ZeaLitY

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Re: Religion chat anyone
« Reply #85 on: February 10, 2009, 10:38:58 pm »
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Scientifically, what cause not only my mother's heart, but my own, to start beating? We were officially dead for 3 minutes (4 for my mom).

It's not inconceivable. I mean, birth is a critical health function that causes trauma to both parent and child, so if complications are going to happen, they're going to happen there. What R_D was trying to say is, if God saved you, why did God let your hearts stop beating in the first place? Was he just playing a sick joke? "Haha, I'll stop their hearts for a while and then bring them back. Hilarious!"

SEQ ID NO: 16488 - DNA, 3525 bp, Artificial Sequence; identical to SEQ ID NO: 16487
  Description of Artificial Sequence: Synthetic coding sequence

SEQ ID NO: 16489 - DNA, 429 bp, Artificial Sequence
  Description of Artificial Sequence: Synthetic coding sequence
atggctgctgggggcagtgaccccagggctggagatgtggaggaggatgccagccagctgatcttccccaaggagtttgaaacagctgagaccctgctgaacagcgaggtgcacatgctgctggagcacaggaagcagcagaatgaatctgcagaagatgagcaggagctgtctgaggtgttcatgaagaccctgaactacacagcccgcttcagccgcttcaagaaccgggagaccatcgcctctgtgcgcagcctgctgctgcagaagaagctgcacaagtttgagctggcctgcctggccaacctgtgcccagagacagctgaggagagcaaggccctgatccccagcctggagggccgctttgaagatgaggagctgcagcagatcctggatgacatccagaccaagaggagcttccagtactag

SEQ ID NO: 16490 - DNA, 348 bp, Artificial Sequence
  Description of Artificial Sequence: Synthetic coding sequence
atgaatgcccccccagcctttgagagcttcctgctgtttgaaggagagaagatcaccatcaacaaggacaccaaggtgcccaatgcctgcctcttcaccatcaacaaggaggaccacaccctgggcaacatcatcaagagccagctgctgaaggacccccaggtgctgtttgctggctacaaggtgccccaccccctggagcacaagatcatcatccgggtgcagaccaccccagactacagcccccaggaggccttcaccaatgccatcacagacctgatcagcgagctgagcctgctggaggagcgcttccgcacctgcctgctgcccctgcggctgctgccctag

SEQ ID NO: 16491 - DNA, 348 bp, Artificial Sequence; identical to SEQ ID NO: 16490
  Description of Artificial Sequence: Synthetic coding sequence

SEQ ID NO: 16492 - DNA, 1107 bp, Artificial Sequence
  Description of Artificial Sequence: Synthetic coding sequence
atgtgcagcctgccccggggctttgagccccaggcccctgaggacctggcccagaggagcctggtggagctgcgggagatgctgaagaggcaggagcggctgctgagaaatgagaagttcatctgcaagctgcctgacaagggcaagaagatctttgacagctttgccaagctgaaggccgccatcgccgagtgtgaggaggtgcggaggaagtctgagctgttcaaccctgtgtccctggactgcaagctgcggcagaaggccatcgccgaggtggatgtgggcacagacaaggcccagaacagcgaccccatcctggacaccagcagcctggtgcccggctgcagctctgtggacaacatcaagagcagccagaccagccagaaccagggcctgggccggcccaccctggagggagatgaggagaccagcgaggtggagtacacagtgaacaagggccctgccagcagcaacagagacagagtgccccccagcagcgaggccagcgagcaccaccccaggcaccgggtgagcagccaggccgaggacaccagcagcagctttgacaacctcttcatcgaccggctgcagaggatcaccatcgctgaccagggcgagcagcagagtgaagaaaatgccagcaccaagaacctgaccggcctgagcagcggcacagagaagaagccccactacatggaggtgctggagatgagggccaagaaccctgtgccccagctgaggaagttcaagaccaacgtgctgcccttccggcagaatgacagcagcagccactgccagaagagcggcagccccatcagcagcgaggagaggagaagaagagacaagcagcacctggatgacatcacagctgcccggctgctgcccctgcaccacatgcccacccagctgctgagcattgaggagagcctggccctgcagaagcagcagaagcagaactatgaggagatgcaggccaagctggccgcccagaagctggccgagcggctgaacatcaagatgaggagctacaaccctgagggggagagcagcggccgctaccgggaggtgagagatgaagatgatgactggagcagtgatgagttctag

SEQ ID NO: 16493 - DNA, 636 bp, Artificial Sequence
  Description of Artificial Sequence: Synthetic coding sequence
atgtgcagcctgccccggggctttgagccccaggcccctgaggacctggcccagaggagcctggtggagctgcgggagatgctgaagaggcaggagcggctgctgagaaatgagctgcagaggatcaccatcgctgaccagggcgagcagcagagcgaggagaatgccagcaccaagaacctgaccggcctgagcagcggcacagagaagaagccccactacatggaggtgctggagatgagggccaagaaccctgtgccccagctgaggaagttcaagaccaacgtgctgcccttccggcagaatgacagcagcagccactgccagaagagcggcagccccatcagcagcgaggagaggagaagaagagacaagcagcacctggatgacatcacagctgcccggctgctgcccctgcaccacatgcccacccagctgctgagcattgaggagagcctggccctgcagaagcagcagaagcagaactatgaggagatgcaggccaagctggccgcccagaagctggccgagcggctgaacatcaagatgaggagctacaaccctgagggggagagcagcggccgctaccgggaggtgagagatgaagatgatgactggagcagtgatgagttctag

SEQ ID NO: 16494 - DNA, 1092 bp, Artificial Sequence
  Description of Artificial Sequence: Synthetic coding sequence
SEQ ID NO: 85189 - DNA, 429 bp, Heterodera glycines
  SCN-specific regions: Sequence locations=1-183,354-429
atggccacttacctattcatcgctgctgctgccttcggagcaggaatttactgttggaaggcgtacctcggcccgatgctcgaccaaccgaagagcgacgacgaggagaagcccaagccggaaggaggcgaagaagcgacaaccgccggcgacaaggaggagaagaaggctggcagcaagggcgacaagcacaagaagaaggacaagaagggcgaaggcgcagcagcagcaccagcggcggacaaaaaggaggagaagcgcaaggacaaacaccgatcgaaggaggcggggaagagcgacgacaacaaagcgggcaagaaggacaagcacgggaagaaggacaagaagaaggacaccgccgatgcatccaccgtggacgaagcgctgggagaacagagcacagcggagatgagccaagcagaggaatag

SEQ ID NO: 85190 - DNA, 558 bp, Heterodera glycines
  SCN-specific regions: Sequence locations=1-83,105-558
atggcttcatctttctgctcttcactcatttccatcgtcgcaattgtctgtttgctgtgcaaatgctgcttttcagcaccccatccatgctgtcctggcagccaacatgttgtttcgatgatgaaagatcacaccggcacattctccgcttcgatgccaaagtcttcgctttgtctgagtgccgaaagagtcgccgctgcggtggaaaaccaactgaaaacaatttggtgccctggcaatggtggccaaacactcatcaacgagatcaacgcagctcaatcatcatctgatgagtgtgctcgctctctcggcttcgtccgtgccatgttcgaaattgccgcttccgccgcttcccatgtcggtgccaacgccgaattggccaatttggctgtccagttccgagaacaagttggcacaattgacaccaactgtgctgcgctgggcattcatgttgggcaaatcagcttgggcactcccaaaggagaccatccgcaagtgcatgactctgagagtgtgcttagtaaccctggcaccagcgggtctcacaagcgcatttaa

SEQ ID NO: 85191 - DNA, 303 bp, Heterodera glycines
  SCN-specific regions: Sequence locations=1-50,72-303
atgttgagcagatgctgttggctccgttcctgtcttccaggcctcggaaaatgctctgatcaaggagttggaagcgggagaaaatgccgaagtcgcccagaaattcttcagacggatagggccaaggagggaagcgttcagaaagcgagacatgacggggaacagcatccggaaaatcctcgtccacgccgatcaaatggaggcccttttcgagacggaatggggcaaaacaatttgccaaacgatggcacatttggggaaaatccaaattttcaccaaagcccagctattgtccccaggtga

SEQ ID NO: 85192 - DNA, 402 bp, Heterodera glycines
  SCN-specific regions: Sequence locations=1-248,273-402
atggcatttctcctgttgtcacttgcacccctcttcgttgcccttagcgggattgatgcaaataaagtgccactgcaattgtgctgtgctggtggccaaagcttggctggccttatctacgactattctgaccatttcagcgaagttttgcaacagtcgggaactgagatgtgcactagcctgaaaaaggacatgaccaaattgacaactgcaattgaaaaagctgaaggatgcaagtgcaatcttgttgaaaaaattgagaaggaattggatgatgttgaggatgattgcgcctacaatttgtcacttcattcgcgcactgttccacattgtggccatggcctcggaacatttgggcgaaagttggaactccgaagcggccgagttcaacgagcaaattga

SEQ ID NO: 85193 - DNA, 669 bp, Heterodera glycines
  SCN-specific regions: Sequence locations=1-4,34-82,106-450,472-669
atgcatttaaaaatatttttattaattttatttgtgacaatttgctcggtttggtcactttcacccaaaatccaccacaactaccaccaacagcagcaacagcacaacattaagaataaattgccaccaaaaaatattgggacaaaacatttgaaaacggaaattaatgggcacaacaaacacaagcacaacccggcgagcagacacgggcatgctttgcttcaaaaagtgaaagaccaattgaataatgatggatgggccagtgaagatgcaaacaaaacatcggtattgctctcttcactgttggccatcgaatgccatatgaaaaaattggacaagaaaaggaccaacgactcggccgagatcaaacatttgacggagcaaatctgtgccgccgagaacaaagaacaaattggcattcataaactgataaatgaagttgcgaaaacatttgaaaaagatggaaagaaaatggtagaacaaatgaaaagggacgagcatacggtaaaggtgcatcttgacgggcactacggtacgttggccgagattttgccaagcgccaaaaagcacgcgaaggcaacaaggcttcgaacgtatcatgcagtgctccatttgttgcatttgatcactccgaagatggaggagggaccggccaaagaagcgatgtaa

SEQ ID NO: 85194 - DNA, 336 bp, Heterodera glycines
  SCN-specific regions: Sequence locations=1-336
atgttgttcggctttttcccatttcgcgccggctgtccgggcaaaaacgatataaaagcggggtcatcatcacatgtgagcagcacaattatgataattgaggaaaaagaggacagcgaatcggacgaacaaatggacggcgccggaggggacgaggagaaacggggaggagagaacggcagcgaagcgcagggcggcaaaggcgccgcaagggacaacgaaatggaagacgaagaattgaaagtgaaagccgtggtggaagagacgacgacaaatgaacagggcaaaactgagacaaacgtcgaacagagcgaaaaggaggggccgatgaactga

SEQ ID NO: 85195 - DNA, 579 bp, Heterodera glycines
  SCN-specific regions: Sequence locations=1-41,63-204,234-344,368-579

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I just wish that people would see that the diversity of our religious views makes the world interesting. What would the world be like if we all prayed to the same god/God/gods/lack of god and did the same things all the time?

For instance, instead of wasting a good portion of their lives praying to the wrong God, they'll have time for other pursuits. They may also pursue more meaningful things now that their lives aren't validated by "duh, you're going to go to heaven anyway." Lack of God is the key to doing all sorts of different, more meaningful things than praying to something that doesn't exist. Buddhists can get lives instead of demonizing the essential human quality of desire. Muslims can move on and stop forcing women to wear burkas. And so on. We shouldn't keep sexist and other oppressive practices around just because they give us variety.